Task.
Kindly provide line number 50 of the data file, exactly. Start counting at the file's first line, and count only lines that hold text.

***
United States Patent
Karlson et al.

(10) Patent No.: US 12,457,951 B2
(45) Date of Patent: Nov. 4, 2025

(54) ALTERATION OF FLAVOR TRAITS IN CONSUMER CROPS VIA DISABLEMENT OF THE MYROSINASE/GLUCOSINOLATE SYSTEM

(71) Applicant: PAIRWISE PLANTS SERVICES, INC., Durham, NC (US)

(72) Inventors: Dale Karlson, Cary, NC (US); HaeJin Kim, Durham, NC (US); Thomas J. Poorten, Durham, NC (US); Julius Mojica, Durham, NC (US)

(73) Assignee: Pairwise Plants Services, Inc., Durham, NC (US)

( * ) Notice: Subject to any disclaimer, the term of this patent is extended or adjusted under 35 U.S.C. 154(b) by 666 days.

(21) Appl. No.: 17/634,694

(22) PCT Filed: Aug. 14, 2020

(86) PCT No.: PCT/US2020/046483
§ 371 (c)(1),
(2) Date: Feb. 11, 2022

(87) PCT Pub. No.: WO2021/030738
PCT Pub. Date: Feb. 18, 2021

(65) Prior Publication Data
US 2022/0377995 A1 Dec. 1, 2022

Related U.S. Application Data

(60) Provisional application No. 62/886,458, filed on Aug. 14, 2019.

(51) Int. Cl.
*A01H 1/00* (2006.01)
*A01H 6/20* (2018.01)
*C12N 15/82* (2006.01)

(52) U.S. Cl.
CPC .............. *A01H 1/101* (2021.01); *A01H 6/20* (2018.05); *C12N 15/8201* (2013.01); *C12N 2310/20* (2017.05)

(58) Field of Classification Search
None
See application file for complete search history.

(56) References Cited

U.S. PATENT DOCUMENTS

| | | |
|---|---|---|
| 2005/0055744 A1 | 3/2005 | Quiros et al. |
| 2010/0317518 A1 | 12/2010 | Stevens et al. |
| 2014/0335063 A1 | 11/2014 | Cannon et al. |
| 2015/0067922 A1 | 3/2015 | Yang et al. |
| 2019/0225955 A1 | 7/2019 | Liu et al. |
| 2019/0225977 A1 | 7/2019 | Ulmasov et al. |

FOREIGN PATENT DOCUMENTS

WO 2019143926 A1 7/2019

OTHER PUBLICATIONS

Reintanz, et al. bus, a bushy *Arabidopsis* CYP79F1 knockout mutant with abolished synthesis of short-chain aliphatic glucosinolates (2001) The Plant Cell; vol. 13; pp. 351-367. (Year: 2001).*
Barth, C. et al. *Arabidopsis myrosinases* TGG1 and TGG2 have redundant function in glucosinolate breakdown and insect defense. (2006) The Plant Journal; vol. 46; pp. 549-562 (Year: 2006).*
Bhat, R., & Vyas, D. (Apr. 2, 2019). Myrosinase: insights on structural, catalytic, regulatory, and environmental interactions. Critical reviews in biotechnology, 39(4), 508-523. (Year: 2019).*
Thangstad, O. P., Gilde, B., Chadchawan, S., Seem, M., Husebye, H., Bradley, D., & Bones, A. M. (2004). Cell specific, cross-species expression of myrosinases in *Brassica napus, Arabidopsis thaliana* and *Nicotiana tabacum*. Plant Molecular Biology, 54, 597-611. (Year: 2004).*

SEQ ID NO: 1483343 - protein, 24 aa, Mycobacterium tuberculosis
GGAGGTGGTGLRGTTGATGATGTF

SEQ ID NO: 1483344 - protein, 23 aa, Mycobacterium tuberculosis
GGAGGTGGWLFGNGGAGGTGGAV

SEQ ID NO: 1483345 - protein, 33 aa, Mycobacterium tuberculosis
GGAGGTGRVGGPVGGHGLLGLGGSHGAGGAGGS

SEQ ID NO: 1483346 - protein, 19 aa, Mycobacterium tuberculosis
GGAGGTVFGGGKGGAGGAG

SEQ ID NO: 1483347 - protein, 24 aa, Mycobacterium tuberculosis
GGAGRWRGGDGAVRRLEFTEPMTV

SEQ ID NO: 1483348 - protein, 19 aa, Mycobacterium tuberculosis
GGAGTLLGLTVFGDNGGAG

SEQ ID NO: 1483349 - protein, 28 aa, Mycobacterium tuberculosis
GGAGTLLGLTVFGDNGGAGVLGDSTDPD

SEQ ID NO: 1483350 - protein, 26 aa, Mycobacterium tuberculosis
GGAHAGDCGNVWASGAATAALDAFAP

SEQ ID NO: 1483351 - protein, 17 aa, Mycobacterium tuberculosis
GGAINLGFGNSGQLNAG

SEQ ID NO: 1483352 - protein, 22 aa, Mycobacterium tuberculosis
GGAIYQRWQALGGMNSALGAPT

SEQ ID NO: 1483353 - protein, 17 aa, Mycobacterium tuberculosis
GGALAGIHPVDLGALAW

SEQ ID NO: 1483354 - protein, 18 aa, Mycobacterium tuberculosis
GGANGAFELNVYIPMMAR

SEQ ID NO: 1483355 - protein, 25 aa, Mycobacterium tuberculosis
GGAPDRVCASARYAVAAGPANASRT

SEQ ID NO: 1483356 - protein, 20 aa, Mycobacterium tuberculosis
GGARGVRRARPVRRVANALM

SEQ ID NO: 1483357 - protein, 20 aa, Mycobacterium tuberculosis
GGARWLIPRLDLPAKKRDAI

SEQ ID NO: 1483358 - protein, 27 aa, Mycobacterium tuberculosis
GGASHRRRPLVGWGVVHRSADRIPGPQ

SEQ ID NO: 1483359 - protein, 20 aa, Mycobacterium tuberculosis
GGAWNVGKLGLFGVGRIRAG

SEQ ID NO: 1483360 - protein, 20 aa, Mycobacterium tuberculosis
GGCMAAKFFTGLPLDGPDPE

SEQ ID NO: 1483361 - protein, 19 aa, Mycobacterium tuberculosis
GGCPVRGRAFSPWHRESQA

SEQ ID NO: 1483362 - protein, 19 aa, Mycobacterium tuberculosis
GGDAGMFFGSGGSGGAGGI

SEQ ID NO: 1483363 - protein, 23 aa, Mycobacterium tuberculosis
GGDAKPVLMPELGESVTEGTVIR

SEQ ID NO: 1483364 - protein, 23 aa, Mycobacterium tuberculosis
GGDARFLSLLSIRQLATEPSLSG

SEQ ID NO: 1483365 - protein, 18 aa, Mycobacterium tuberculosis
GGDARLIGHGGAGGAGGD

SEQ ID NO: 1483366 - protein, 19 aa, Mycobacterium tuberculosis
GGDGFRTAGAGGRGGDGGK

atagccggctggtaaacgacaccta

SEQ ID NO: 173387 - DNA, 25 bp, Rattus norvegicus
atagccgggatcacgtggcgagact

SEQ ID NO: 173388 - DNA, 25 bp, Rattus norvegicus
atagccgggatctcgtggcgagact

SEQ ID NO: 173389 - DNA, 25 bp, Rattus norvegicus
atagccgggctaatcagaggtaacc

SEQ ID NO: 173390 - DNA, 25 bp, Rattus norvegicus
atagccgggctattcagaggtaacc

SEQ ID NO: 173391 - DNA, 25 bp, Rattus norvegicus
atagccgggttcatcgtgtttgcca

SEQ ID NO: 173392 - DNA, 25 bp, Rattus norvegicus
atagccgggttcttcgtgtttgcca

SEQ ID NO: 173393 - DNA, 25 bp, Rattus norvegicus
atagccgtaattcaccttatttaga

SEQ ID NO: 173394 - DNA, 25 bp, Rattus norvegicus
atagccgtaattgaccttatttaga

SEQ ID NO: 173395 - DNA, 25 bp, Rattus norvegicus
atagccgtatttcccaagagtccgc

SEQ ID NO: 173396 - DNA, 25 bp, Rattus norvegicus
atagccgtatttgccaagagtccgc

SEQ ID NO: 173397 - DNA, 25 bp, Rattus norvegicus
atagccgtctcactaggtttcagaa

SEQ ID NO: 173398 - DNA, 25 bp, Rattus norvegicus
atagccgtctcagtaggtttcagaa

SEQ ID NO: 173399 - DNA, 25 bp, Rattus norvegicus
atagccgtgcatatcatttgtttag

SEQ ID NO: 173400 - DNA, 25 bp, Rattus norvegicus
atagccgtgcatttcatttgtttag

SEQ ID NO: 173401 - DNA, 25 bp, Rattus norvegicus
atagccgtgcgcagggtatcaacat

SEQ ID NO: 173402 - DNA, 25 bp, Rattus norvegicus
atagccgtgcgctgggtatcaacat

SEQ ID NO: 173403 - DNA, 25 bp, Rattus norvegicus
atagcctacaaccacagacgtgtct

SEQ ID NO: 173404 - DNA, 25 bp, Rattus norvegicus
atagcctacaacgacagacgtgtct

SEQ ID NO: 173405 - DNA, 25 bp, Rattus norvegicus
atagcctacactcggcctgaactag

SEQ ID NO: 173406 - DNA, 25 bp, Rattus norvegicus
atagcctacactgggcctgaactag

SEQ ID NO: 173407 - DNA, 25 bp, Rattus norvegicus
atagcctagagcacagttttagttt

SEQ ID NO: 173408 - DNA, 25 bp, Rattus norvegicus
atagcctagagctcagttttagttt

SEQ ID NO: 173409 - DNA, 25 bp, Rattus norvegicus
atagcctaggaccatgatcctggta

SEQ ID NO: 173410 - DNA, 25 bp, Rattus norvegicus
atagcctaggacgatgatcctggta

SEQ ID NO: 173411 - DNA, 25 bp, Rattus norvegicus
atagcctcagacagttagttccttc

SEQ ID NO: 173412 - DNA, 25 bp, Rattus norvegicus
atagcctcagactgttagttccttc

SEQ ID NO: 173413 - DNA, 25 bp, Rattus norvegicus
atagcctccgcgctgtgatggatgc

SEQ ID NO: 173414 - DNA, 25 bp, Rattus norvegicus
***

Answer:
GGAGGTGGWLFGNGGAGGTGGAV